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ACME creates five-tower residence inspired by traditional Kent oast houses
United Kingdom Architecture News - Apr 9, 2020 - 13:27 4146 views
London-based architecture practice ACME has created a modern family house inspired by traditional Kent oast houses in southeast England.
The five-tower residence is made up of Kent style tiles in six shades, slowly fading from dark red at the base to light orange at the tip.
Named Bumpers Oast House, the conic roofs are also clad by timber taking references from the natural surroundings, creating an extremely low-energy home with a bold contemporary aesthetic.
"Bumpers Oast represents a 21st century riff on a local vernacular derived from the houses used to dry hops as part of the beer-brewing process," said ACME.
"The property has been created for a family that moved to Kent 10 years ago and almost bought an oast house at that time they enjoyed the intimacy and idiosyncrasies of living in circular spaces and so were happy to receive a proposal from ACME for a modern interpretation."
Covering a total of 300-square-metre, the plan layout of the house is simple; four towers, including different programmes in each, are interlocked to a central hall which is also shaped in a tower-form.
Each of the towers houses private functions such as bathrooms, bedrooms and service spaces, and framed window openings allow for selective views out.
The centre of the house, there is a triple-height living space, visually open to the garden and towards each of the four towers, forming the heart of the house.
The proportions of the tower roundels were based on a traditional oast and they stand slightly apart from one another; creating views inwards and outwards.
"The towers are all connected to a triple-height central space that opens out to an orchard setting and forms the heart of the house," added the studio.
"This was made possible by assembling the frame with thick timber modules, topped by cones manufactured offsite and then craned into position."
The architects used Kent-style tiles to create the exterior skin in six shades, slowly fading from dark red at the base to light orange at the tip.
These were produced using local craft skills and the tiling work was a huge technical challenge. Every tile above eaves level has been individually cut, with over 41,000 used across the whole facade.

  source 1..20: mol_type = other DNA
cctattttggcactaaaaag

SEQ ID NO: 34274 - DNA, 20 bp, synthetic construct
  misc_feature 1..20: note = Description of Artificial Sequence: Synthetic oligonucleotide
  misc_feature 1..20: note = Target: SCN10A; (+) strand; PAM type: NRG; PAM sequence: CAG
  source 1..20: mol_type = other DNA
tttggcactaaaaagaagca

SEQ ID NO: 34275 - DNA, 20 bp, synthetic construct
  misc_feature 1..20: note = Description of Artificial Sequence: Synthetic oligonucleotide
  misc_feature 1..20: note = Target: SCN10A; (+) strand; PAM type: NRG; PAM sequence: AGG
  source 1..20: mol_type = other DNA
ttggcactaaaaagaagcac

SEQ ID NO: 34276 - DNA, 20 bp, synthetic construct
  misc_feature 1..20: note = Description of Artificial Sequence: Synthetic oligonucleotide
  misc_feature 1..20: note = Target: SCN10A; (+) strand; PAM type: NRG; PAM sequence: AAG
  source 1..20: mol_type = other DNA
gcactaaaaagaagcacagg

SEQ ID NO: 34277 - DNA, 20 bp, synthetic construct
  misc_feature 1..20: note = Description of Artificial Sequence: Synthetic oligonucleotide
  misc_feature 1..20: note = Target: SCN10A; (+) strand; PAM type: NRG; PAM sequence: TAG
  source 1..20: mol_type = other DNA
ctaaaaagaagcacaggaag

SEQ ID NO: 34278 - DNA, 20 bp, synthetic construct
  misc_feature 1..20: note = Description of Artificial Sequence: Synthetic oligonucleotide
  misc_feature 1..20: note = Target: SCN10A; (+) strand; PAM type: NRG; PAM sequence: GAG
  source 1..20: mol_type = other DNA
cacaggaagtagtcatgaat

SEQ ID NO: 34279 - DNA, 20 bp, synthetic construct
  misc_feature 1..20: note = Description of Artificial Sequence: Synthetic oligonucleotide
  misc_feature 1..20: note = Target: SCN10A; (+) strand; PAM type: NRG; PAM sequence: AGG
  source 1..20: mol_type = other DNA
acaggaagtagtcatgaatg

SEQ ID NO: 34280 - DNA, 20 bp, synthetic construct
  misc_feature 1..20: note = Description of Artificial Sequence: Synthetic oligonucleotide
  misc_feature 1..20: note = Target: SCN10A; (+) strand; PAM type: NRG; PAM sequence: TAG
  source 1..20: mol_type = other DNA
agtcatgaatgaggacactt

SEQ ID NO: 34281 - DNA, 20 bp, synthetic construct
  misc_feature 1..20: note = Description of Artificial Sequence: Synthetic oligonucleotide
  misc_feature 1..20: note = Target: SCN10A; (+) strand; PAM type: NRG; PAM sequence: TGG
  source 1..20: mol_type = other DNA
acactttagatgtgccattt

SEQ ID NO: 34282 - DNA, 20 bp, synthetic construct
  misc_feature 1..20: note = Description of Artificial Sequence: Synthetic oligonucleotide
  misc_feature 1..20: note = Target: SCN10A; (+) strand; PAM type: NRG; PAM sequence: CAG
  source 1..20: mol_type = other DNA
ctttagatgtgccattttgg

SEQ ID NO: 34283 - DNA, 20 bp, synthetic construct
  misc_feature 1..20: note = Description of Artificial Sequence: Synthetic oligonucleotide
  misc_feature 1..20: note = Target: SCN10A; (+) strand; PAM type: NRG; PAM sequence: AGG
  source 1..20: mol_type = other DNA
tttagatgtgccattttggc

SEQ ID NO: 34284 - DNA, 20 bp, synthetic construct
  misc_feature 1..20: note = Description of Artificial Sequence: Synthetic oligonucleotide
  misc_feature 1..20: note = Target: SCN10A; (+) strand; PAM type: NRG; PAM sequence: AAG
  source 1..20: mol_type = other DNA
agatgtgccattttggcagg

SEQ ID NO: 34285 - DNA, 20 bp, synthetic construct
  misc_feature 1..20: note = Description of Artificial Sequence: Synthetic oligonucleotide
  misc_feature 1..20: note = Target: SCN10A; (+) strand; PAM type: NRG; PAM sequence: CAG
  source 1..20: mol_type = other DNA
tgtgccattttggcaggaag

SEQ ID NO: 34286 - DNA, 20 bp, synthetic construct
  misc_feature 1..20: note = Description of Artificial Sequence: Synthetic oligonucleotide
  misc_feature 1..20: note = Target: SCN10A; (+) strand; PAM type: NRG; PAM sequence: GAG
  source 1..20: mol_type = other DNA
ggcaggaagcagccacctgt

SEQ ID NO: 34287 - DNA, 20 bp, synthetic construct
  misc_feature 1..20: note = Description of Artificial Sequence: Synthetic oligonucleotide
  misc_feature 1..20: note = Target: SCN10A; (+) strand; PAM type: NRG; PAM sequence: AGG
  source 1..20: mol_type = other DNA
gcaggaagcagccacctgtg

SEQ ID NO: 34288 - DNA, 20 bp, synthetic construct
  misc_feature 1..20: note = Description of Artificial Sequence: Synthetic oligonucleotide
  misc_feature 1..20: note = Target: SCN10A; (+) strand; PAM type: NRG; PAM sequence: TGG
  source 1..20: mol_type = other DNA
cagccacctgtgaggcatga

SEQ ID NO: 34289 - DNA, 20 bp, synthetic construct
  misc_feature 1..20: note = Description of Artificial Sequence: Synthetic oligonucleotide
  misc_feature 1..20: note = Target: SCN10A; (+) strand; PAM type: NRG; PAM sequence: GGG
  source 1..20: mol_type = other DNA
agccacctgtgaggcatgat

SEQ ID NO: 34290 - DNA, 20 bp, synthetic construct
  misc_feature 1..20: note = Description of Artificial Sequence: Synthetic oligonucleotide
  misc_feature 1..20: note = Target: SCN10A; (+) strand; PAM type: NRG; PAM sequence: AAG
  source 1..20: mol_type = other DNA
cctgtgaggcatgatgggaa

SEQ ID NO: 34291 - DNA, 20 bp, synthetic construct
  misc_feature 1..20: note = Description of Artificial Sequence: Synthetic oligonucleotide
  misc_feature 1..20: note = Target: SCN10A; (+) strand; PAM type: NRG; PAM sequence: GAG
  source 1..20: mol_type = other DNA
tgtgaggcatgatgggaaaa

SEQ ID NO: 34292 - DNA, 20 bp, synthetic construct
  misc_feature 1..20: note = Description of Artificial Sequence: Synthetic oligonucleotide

The interior of the roundels is clad in plywood, as a continuous surface for the cylindrical parts, and as overlapping plywood shingles for the roof cones.
Curved furniture is built into the rooms where possible to make the best use of the space. The kitchen needed to feel warm among the harder surfaces downstairs, as the family see it as an important gathering space.
Timber was selected for this reason and it has been employed to create bespoke curved units and fronts to follow the line of the wall. A microcement was used to form the counter top to achieve a continuous surface that matches the polished concrete floor.
The architects placed each bedrooms in different levels, which creates a play space for the children on the lower level that can later be adapted for study, while the master bedroom is designed with a dressing area in the upper space that opens onto an en suite.
Helical stairs lead the family into the conical sleeping spaces, with thin balustrades made of gently curving plywood.
The bathrooms have been created as open-plan niches with no screens, therefore the room size is designed to match its purpose and allow for in-built storage. Microcement is used again to pick up on the materials downstairs and to accommodate the unusual geometry of the interiors.
The downstairs bathroom uses mosaic which echoes the grey tones of the concrete. As it is a north-facing room, matt and gloss finishes have been employed to play with reflections from sunlight as it enters the space.
In fact, all window openings have reveals formed by the walls folding into them, which increases the light refraction coming into the rooms.
All bedrooms are on the first floor, and each one has its own private staircase to an upper level in the roof cone, creating a building that is entirely communal on the ground, shared on the first, and full of secluded treehouse-like retreats on the second floor.
The building’s sustainable credentials stem from its heavily-insulated timber frame structure, which breaks from the tradition of solid bricks walls usually used to construct oast houses.
Ground floor plan
First floor plan
Second floor plan
Project name: Bumpers Oast House
Location: Kent, UK
ACME Team: Alia Centofanti, Nicholas Channon, Deena Fakhro,Catherine Hennessy, Katrina Hollis, Kevin Leung, Friedrich Ludewig, Lucy Moroney, Heidrun Schuhmann, Penny Sperbund
Consultants: Barton Willmore, Furness Green Partnership, Ten Architecture & Design, Wilkionson Construction Consultants, Etude, Harry Barnes Construction Ltd.
All images © Jim Stephenson
All drawings © ACME
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